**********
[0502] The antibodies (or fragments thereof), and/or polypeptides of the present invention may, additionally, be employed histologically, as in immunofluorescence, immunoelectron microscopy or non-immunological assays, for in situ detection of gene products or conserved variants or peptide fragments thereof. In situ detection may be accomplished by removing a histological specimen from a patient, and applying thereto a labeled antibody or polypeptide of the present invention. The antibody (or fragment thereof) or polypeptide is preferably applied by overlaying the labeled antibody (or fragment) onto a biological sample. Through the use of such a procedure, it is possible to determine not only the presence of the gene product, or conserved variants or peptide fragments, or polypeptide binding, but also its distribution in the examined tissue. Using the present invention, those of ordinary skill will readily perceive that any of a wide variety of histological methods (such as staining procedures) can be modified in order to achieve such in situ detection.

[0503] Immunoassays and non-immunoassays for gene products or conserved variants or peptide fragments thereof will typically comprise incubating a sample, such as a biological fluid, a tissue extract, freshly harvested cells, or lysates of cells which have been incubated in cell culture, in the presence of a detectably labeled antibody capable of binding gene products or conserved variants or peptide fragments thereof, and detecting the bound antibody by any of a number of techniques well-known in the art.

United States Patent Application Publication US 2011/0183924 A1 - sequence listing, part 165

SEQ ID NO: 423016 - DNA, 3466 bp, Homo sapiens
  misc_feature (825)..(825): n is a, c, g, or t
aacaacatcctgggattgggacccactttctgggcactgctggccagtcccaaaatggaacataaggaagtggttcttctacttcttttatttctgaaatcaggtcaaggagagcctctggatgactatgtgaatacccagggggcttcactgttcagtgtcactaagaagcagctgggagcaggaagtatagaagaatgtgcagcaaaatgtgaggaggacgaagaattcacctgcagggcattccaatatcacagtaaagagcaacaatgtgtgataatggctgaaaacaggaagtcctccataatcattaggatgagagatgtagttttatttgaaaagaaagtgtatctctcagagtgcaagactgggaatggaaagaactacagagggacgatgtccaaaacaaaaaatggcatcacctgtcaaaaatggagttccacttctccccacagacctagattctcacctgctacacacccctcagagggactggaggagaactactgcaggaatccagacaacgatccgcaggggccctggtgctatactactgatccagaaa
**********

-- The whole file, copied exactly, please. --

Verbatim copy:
[0502] The antibodies (or fragments thereof), and/or polypeptides of the present invention may, additionally, be employed histologically, as in immunofluorescence, immunoelectron microscopy or non-immunological assays, for in situ detection of gene products or conserved variants or peptide fragments thereof. In situ detection may be accomplished by removing a histological specimen from a patient, and applying thereto a labeled antibody or polypeptide of the present invention. The antibody (or fragment thereof) or polypeptide is preferably applied by overlaying the labeled antibody (or fragment) onto a biological sample. Through the use of such a procedure, it is possible to determine not only the presence of the gene product, or conserved variants or peptide fragments, or polypeptide binding, but also its distribution in the examined tissue. Using the present invention, those of ordinary skill will readily perceive that any of a wide variety of histological methods (such as staining procedures) can be modified in order to achieve such in situ detection.

[0503] Immunoassays and non-immunoassays for gene products or conserved variants or peptide fragments thereof will typically comprise incubating a sample, such as a biological fluid, a tissue extract, freshly harvested cells, or lysates of cells which have been incubated in cell culture, in the presence of a detectably labeled antibody capable of binding gene products or conserved variants or peptide fragments thereof, and detecting the bound antibody by any of a number of techniques well-known in the art.

United States Patent Application Publication US 2011/0183924 A1 - sequence listing, part 165

SEQ ID NO: 423016 - DNA, 3466 bp, Homo sapiens
  misc_feature (825)..(825): n is a, c, g, or t
aacaacatcctgggattgggacccactttctgggcactgctggccagtcccaaaatggaacataaggaagtggttcttctacttcttttatttctgaaatcaggtcaaggagagcctctggatgactatgtgaatacccagggggcttcactgttcagtgtcactaagaagcagctgggagcaggaagtatagaagaatgtgcagcaaaatgtgaggaggacgaagaattcacctgcagggcattccaatatcacagtaaagagcaacaatgtgtgataatggctgaaaacaggaagtcctccataatcattaggatgagagatgtagttttatttgaaaagaaagtgtatctctcagagtgcaagactgggaatggaaagaactacagagggacgatgtccaaaacaaaaaatggcatcacctgtcaaaaatggagttccacttctccccacagacctagattctcacctgctacacacccctcagagggactggaggagaactactgcaggaatccagacaacgatccgcaggggccctggtgctatactactgatccagaaa